Tubbs' and Boxer's stand
In the end, it was more a symbolic stand than anything, but I'm still glad they took it. Most of the media will play this off as a publicity stunt, or sour grapes, or something equally inane, and I'm sure Limbaugh et al will be in a pseudo-righteous huff over the audacity of libruls to question the tactics of the Republican party in general and Ohio Secretary of State Kenneth Blackwell in particular, and it certainly wasn't going to change who was living in the White House for the next four years, but if there's one thing the Democratic party needs to understand, it's that symbolic stands are at least as important to take as those which effect substantive change.

I've been reading a lot of Joseph Campbell lately, and I think one of the major points he touches on in Pathways to Bliss is that because we as a generation (and this encompasses everyone from the boomers to my kid) have lost touch with the myths that defined our society in the past, we're now floundering. And as a result of that floundering, we see an increasing number of people looking for solace in fundamentalist groups, despite the fact that much of what those groups teach is scientifically ludicrous (the earth created in 6 24-hour days, etc.). Subconsciously, they're looking to reconnect with those myths that have sustained us societally for generation after generation, and the Republican party has hitched their wagon to them for electoral purposes.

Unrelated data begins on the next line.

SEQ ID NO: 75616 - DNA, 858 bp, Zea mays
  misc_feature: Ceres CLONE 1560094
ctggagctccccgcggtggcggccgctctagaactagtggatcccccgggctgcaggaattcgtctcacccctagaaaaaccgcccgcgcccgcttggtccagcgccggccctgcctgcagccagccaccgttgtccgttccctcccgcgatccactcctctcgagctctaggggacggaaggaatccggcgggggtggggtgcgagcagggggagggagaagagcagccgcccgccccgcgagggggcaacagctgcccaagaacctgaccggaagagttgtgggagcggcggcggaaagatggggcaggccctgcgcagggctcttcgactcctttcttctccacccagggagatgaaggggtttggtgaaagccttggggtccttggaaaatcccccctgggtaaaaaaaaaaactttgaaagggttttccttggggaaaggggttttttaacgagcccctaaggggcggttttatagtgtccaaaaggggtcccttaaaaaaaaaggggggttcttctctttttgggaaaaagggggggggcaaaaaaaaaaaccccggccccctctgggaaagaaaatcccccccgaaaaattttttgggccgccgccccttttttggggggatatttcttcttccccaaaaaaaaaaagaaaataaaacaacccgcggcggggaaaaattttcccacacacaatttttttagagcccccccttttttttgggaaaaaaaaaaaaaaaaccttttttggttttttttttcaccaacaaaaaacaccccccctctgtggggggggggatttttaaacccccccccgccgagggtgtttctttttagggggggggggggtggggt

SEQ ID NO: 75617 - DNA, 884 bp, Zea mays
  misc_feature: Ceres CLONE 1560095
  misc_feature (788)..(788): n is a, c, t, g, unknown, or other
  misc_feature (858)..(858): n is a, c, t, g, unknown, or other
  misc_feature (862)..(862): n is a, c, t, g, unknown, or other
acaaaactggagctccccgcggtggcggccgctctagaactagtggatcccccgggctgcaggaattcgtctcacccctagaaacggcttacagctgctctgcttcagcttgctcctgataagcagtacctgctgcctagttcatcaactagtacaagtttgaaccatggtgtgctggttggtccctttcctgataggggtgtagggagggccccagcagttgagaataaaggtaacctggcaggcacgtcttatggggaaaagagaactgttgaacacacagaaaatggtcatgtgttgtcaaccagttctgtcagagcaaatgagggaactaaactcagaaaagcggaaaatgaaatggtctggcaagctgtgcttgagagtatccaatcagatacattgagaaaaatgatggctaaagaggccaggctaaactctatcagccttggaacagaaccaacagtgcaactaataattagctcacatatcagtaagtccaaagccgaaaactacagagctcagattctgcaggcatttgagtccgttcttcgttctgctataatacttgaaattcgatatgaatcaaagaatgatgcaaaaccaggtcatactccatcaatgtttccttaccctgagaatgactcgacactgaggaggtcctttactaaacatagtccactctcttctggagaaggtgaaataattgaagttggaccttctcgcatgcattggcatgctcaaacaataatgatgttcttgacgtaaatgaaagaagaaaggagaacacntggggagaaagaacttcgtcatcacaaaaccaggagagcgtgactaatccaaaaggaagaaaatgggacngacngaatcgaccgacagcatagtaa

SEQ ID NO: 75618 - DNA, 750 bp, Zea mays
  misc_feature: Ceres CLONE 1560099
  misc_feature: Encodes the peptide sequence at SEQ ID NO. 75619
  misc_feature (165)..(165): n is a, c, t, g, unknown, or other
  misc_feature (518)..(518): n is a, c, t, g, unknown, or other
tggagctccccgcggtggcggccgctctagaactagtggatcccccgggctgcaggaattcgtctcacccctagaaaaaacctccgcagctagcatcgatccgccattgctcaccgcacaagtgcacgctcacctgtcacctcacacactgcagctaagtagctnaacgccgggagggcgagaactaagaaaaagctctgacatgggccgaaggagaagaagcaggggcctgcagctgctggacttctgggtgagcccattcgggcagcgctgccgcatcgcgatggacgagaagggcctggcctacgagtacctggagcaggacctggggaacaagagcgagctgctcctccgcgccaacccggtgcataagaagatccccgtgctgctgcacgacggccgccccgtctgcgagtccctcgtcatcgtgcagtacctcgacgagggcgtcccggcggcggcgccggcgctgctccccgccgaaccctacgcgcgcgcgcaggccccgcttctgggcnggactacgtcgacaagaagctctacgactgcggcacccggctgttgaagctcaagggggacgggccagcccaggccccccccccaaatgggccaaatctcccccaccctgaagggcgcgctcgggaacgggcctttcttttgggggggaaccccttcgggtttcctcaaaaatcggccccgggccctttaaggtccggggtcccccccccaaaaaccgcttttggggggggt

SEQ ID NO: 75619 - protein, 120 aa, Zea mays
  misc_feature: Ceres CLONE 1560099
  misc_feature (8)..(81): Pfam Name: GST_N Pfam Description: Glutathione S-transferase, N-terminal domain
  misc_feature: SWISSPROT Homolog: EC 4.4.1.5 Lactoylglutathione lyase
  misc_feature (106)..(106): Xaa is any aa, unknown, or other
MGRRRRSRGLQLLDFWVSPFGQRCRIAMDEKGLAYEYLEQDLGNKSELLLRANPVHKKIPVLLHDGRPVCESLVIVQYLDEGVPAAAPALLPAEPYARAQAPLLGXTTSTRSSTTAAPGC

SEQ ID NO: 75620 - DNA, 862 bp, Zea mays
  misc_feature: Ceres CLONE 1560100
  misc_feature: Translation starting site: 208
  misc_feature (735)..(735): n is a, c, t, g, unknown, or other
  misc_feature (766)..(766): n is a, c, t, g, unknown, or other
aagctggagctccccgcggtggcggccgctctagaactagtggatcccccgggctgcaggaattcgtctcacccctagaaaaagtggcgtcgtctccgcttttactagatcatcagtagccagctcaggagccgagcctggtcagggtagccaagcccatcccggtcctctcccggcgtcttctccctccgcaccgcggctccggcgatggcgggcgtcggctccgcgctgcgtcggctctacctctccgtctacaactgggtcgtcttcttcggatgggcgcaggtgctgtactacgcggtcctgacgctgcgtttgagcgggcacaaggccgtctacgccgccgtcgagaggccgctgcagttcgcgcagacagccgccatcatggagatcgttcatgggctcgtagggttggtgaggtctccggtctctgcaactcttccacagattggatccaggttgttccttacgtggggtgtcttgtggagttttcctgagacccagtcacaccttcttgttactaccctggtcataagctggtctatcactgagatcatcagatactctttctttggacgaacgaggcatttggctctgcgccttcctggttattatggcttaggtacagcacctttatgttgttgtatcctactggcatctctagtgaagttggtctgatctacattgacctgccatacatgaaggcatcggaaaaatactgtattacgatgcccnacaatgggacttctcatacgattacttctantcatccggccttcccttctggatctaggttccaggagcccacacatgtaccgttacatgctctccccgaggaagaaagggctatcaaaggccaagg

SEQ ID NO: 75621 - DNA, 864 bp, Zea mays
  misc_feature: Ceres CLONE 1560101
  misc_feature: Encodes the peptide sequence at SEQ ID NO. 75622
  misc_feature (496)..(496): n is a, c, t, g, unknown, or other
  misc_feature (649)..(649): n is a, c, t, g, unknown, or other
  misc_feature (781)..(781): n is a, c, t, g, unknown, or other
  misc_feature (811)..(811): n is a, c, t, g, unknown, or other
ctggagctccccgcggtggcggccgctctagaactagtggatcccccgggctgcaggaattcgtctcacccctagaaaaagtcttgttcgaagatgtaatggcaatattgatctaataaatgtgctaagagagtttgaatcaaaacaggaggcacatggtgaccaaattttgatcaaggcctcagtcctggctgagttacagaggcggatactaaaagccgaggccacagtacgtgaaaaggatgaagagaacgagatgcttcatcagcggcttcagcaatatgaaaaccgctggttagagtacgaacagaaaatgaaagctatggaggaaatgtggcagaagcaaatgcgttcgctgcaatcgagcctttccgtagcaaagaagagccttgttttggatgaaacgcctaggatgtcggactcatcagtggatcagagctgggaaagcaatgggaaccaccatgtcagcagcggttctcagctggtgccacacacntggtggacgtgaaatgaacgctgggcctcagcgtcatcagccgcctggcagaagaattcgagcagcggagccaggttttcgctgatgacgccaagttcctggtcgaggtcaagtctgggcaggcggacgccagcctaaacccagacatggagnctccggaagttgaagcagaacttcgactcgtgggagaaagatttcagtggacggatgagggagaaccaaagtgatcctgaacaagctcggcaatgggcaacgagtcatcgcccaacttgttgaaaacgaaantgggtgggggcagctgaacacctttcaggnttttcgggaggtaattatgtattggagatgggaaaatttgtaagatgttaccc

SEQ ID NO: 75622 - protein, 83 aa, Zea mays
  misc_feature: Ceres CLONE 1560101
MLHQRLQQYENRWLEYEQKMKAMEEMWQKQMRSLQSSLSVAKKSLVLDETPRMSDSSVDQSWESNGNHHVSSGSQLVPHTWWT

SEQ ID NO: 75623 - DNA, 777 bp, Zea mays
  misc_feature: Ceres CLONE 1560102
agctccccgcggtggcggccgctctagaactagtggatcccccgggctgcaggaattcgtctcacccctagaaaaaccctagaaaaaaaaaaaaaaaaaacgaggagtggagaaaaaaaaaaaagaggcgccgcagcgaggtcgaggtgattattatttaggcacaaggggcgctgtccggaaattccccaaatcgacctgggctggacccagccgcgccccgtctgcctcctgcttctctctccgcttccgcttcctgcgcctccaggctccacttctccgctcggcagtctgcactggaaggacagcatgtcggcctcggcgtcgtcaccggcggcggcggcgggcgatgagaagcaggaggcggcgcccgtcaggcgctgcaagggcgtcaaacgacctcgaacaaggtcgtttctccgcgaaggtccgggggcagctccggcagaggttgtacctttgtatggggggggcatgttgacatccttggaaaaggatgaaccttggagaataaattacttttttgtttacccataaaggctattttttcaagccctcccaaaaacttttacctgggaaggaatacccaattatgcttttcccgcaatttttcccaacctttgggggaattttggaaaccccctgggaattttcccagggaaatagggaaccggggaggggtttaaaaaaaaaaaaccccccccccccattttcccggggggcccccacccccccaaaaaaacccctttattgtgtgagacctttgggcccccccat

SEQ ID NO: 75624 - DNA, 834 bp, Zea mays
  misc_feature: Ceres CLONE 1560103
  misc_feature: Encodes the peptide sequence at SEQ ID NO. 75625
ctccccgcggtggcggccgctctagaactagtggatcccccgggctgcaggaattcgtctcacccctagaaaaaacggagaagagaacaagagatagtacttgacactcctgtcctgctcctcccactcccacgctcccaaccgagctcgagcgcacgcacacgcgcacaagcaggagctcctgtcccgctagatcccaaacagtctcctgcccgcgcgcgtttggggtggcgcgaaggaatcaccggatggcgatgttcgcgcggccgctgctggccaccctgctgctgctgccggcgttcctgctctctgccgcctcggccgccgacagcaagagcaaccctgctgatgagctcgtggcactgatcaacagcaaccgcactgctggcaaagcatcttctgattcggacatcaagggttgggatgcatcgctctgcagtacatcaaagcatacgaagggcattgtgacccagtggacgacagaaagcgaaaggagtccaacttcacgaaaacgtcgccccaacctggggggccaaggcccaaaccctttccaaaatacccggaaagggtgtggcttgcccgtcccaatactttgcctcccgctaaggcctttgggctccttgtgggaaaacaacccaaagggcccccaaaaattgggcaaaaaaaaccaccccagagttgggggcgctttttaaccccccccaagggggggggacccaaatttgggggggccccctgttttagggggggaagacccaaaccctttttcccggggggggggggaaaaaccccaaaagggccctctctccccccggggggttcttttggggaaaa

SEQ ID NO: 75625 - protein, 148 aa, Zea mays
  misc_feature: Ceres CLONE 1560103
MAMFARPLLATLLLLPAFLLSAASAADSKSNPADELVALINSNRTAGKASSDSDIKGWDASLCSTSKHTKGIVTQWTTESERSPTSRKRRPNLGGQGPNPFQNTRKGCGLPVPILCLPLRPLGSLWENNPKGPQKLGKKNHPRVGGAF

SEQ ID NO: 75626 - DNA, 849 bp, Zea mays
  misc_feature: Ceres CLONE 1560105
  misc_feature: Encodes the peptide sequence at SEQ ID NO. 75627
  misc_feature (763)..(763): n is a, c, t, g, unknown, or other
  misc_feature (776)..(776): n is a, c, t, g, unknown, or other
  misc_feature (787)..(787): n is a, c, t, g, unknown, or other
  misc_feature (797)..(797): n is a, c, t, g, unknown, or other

So how does the Democratic party combat this? A lot of people have noted that we need to reclaim those myths and their underlying values, i.e. link progressivism to Jesus, which is a good idea as long as we stick to the Jesus part of the teaching, and not all the misogyny that Paul and the subsequent church fathers brought in later. Another option is to build our own set of myths, but as any writer can tell you, that's easier said than done.

But the thing I think we need to remember, no matter what we do, is that the myths we embrace or create ought to work toward making us better people in the end, and not in a "God cares where I put my penis" way, but in a "the greatest commandment is this, that you love one another just as the Christ loved you" way. They ought to extend the in-group of human society to include as many people as possible--anyone left outside should be there only because they choose to be there.

And in the end, I think that's what Stephanie Tubbs Jones and Barbara Boxer were doing when they made their challenge--they were arguing that the in-group was unfairly kept smaller than it was supposed to be, smaller than our laws require it to be. They wanted it noted for the record that whatever decision the Congress came to as far as the resident of 1600 Pennsylvania Avenue was concerned, the Congress had been told that it had failed in its duty to include every citizen who wished to take part in the election and who had the right to do so, and that anyone who refused to examine the case fairly was an accessory to that act. They made the case that the Republican party as a whole, and particularly the Ohio Secretary of State's office, had done what it could to exclude people from the in-group of citizenship, rather than include the greatest number.

On a side note, could the SCLM have covered this story less? It's already gone from most major websites, and never got more than a handful of paragraphs of the most lightweight coverage possible. It should have garnered curiosity coverage, if nothing else. There's that liberal media hard at work again.

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